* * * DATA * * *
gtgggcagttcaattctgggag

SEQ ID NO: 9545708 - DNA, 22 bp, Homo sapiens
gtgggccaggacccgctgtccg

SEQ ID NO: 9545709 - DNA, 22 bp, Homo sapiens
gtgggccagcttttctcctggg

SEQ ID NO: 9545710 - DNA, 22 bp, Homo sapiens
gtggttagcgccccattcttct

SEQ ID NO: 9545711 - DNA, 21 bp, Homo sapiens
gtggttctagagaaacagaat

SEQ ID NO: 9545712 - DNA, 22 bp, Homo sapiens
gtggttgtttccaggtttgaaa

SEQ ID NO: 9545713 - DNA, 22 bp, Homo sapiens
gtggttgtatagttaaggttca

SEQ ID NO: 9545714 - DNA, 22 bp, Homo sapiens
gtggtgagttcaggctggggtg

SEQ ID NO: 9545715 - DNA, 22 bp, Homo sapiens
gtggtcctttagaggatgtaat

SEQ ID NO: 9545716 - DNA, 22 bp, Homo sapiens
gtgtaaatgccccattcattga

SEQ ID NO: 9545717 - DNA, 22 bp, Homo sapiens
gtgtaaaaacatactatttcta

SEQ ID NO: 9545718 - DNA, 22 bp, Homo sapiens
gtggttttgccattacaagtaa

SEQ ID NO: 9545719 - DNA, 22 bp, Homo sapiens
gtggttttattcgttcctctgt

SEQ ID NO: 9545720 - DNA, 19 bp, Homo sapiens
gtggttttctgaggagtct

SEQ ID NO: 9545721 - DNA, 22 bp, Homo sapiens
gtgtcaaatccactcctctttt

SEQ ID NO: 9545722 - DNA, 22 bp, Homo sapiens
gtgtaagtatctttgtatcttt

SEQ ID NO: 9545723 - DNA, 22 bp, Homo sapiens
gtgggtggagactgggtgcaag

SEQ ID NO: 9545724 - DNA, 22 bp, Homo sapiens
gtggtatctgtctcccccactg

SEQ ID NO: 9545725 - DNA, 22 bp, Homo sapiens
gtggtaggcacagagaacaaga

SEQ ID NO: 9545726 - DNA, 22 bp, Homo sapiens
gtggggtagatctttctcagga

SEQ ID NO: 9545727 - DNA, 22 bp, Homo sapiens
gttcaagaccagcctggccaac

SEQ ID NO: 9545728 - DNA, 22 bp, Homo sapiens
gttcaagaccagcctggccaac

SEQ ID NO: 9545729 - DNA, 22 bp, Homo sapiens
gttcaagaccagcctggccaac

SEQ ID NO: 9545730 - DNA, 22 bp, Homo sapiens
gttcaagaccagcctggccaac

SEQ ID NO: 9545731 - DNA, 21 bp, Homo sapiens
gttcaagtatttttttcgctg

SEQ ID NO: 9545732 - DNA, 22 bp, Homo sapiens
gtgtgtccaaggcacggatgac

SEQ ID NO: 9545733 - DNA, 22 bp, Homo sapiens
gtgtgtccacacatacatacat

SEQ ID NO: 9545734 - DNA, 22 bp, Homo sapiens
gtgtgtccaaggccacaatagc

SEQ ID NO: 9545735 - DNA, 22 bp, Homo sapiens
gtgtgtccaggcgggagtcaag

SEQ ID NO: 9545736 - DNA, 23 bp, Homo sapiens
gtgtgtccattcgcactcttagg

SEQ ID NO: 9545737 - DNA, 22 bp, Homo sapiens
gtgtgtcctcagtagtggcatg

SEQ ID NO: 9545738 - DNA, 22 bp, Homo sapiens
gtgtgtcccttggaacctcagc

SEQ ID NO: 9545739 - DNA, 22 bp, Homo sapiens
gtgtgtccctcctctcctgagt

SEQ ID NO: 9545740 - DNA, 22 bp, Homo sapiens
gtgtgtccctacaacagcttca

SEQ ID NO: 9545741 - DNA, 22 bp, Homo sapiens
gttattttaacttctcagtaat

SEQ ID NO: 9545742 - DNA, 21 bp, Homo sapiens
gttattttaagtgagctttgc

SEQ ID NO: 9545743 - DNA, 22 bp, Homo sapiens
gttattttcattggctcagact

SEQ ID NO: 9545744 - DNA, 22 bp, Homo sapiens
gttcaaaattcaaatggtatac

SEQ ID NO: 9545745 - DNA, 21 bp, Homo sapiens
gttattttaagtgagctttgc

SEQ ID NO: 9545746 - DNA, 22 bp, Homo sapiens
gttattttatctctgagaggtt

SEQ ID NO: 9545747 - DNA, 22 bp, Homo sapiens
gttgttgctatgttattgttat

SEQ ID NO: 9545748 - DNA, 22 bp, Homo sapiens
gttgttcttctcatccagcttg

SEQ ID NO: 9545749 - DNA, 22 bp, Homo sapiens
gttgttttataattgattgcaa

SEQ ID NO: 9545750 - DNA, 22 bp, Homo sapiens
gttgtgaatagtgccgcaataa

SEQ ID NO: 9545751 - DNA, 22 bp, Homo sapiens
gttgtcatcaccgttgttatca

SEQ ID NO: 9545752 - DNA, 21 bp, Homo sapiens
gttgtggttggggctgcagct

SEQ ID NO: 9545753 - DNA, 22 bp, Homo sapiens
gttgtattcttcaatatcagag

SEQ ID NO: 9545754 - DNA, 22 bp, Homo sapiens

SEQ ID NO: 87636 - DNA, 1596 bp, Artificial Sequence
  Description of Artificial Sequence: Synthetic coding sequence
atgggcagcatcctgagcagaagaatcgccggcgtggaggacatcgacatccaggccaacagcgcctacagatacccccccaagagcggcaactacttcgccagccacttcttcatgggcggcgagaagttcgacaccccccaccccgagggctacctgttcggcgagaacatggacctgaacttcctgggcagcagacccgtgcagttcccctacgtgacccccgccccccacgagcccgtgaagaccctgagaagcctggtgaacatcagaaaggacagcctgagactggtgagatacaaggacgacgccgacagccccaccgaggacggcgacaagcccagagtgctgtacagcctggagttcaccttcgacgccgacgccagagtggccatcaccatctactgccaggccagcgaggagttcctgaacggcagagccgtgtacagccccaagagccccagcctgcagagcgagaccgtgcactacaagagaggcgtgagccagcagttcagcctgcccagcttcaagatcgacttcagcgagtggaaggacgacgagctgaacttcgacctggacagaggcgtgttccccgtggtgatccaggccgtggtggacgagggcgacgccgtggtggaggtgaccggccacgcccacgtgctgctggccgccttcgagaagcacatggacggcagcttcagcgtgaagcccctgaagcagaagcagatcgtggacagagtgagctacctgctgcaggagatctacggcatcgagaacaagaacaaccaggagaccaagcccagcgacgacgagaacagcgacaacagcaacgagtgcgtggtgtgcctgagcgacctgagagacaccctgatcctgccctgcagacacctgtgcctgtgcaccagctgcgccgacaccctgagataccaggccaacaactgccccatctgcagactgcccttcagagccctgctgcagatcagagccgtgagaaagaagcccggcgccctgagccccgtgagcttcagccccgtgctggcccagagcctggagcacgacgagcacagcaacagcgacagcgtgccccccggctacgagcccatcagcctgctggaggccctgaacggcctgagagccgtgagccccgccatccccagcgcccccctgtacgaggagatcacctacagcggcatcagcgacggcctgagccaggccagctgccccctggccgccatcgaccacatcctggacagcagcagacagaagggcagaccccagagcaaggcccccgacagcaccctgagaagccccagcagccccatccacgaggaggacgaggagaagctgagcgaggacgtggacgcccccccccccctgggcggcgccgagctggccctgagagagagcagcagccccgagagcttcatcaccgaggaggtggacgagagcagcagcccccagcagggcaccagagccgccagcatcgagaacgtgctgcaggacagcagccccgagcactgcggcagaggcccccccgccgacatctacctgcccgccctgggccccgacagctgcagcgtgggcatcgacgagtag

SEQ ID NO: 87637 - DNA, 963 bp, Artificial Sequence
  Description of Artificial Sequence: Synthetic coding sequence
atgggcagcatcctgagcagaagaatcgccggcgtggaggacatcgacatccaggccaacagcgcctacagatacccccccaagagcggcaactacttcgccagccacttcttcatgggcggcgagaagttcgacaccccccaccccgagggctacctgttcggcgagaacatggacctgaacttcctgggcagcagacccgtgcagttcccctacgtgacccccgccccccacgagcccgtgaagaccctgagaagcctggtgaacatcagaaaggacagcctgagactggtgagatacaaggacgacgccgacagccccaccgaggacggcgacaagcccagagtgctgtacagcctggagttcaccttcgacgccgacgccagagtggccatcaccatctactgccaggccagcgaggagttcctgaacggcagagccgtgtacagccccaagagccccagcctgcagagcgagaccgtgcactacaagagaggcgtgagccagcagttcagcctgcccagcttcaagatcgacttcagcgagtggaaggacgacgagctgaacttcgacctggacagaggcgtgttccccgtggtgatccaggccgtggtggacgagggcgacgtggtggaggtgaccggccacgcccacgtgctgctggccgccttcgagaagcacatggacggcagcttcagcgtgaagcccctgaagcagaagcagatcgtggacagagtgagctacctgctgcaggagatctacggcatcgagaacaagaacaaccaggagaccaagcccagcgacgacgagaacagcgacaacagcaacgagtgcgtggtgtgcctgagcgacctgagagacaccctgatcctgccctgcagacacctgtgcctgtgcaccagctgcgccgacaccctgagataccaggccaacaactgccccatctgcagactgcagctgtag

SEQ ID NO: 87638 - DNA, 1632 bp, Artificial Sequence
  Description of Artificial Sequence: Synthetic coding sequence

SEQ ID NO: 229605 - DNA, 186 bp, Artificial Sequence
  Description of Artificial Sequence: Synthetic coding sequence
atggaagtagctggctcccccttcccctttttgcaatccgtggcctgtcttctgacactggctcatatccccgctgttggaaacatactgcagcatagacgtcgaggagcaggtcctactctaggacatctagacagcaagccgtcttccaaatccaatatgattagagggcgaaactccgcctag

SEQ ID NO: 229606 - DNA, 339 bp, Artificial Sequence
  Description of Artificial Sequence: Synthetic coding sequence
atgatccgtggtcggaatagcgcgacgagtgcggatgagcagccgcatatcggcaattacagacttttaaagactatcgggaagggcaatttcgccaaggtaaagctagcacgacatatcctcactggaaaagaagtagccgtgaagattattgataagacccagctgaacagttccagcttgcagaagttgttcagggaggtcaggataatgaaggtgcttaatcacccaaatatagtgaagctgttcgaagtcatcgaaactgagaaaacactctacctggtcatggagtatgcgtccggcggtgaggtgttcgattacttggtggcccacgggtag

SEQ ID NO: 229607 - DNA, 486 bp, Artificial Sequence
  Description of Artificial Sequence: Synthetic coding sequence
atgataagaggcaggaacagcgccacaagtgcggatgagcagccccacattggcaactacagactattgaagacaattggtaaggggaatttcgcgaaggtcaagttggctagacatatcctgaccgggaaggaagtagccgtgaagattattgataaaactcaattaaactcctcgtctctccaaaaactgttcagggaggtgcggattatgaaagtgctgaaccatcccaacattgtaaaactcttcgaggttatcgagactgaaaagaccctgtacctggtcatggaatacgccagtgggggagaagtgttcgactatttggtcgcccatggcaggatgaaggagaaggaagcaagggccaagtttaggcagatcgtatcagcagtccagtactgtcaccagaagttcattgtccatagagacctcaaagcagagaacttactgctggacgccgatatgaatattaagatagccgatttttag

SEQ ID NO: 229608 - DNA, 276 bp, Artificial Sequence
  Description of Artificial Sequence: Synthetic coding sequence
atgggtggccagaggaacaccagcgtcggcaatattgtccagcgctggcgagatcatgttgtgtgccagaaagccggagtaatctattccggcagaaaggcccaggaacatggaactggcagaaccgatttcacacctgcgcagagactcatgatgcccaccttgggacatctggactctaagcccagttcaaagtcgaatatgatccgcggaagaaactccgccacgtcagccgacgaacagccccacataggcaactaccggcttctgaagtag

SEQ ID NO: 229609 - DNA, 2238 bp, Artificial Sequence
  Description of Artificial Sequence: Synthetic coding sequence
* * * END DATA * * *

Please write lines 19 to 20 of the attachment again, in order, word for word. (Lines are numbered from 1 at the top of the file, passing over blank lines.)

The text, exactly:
gtgtaaatgccccattcattga

SEQ ID NO: 9545717 - DNA, 22 bp, Homo sapiens